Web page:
1. If you do not need the Qt Quick module you consider as “fancy” and if you want to use “plain and simple widgets” only, whether the API is in C++ or in QML does not have any impact on your projects
2. All the widget functionalities are there, if you need any new widget (a fancy one?), you can rely on a third-party implementation or use the facilities provided by QPainter to implement your own widgets. There is absolutely no limitation and, to be honest, I do not see the need for any new widget in the framework (unless we are talking about a next-generation applications which anyway need something like Qt Quick…).

In my opinion, an improvement of the model-view(-controller) framework is the only change which would really make sens for Qt Widgets. For the rest, it is time to look a little further and understand that we need an evolution in graphical applications. ASCII art and static widgets are not the keys for the future and it is great that Qt did not miss the train.

faldżip says:

@Domino: you said it yourself: if we need only existing functionality, then there is no need to switch to Qt5. In our company, where we are developing desktop application we don’t see any advantage in switching to Qt5. We don’t use QGraphicsView, we don’t have any problems w graphics performance and so on. We don’t need any evolution in in graphical interface, as mainly we present lots of data in table views and tree views. But we would like to see some evolution in QtSql module (working on higher level than queries – i bet it can be possible with all this moc or maybe some QML/QtScript use there…), better support for XSLT so we can get rid off some 3rdparty dependencies and so on… But it looks like it is not going to happen.

Javi Moya says:

“QtQuick is a nice-to-have it OPTION and please treat it as such … If I’ll build a fancy program for a cell phone or tablet that’s mostly about the looks in future, maybe that’s the road I’ll be heading by then”

this is the key… ¿why so much effort in qt quick + qml? We can’t deploy in any alive ecosystem !!!! Nobody wants to learn qml!!! because there is no where to target !!!¡ ¿old nokia mid -range smartphones?? No!

Javi Moya says:

these widgets are ridiculous.
If you need a widget-based application… you are doing it wrong if you go to the qml way.

/mode ironic on
Qt Creator is going to look amazing ported to qml.

Domino says:

@faldżip: Well, you are not forced to upgrade to Qt5. But besides Quick 2 and possible new bug fixes for widgets, Qt5 Core also contains many interesting changes, such as the moc improvements, C++11 support and the new regular expression engine. The Qt team has done a very good job but if you don’t need it, that’s also fine: that argument is valid for any software update. For the moment, be happy with Qt 4 and be also happy that some people innovate, we would otherwise still use Qt1 or MFC…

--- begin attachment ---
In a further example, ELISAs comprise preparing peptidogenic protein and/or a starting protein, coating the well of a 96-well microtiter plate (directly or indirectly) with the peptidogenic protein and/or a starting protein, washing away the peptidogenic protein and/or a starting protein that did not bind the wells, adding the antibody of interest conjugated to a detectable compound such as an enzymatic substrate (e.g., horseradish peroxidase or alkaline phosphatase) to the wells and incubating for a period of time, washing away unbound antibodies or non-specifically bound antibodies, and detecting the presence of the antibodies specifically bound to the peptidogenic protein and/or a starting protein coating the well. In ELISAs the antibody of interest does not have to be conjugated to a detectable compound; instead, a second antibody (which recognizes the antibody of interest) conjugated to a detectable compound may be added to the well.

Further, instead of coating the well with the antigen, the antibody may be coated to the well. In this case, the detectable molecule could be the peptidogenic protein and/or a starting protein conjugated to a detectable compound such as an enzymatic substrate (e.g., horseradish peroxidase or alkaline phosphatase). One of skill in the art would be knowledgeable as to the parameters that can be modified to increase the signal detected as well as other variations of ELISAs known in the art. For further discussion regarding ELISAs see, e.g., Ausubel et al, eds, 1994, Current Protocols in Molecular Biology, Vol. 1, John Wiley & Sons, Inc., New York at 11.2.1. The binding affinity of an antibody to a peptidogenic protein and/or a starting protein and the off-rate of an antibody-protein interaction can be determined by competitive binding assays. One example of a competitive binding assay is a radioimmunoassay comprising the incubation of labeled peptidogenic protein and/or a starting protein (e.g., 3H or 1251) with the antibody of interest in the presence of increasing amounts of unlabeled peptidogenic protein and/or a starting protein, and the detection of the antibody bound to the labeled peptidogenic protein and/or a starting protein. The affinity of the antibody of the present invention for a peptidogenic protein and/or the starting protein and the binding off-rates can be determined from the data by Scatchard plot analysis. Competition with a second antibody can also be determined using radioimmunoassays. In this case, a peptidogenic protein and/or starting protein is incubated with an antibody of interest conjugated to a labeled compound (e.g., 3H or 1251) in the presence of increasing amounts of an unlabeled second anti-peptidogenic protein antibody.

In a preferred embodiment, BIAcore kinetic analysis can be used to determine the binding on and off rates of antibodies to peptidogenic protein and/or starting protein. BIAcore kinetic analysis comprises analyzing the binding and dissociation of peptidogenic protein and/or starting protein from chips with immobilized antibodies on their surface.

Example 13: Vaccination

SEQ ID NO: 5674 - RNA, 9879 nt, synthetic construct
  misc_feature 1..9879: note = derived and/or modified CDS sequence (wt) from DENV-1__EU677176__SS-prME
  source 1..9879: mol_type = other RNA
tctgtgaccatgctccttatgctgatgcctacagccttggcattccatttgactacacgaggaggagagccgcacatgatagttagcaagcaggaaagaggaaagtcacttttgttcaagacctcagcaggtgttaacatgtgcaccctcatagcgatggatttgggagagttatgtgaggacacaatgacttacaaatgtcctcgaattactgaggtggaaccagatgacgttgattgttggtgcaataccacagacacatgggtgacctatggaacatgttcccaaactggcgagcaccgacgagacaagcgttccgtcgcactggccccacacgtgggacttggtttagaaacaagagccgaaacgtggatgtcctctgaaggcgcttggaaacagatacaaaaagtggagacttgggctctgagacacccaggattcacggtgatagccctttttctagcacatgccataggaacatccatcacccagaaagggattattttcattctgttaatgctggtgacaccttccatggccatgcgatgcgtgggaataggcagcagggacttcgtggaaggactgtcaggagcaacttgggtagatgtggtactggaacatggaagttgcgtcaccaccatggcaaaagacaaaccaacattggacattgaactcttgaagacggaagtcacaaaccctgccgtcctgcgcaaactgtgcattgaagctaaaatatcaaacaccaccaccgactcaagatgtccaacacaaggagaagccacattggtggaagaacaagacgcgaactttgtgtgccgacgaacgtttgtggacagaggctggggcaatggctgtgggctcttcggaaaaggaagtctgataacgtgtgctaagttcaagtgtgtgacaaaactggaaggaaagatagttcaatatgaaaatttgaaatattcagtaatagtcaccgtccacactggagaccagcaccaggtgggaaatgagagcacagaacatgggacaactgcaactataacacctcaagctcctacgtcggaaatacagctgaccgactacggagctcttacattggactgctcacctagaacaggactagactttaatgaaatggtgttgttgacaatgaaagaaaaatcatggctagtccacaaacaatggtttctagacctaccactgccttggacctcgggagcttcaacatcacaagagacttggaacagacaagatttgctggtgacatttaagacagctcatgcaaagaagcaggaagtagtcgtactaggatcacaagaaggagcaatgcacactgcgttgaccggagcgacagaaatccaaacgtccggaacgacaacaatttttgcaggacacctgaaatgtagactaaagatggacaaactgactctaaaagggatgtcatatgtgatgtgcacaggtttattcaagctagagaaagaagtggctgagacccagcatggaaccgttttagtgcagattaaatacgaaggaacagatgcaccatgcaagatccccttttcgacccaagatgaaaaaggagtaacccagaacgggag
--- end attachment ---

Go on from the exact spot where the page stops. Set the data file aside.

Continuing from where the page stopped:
faldżip says:

@Domino: I know I’m not forced to upgrade to Qt5, but my point was that they focus mainly on QtQuick2 which is maybe innovative, but they forgot about desktop developers. The thing is, that without Nokia’s phones with MeeGo or Meltemi there are really not many devices where you can use this innovative QtQuick2. Maybe this way: You want to make apps for smartphones? Then take Java and write for Android or Objective-C and write for iOS, because you will have more users buying your app then all users of Symbian with Qt. But if You want to make applications for desktop – then choosing C++/Qt is really good idea. But they are focused on QtQuick like it would solve all world’s problem and the truth is that it is a nice feature – but useless in many cases where Qt is used now.

bhaskar says:

I want to use QML versioon of MapRoute API in my application,So could you please let me know if any work is going on this API or this development is completed also when is Beta version is going to be released.


waydayEtemy says:

Живопись холста всегда поражала воображения людей, великие художники вдыхали души в картины, отображая эмоции и чувства, передавая окружающую атмосферу происходившего. Сама живопись очень древнее искусство, оно берёт начало с основанием цивилизации, на ряду с разнообразием культуры и обычаев. Первые рисунки живописи были найдены ещё на стенах пещер, где жили доисторические люди, на этих изображениях были отображены в основном вымершие животные и охотники. В дальнейшем с развитием человечества, художники сами изготовляли краски и избирали компоненты, тем самым став первооткрывателями и основопологателями данного направления искусства. Многое для живописи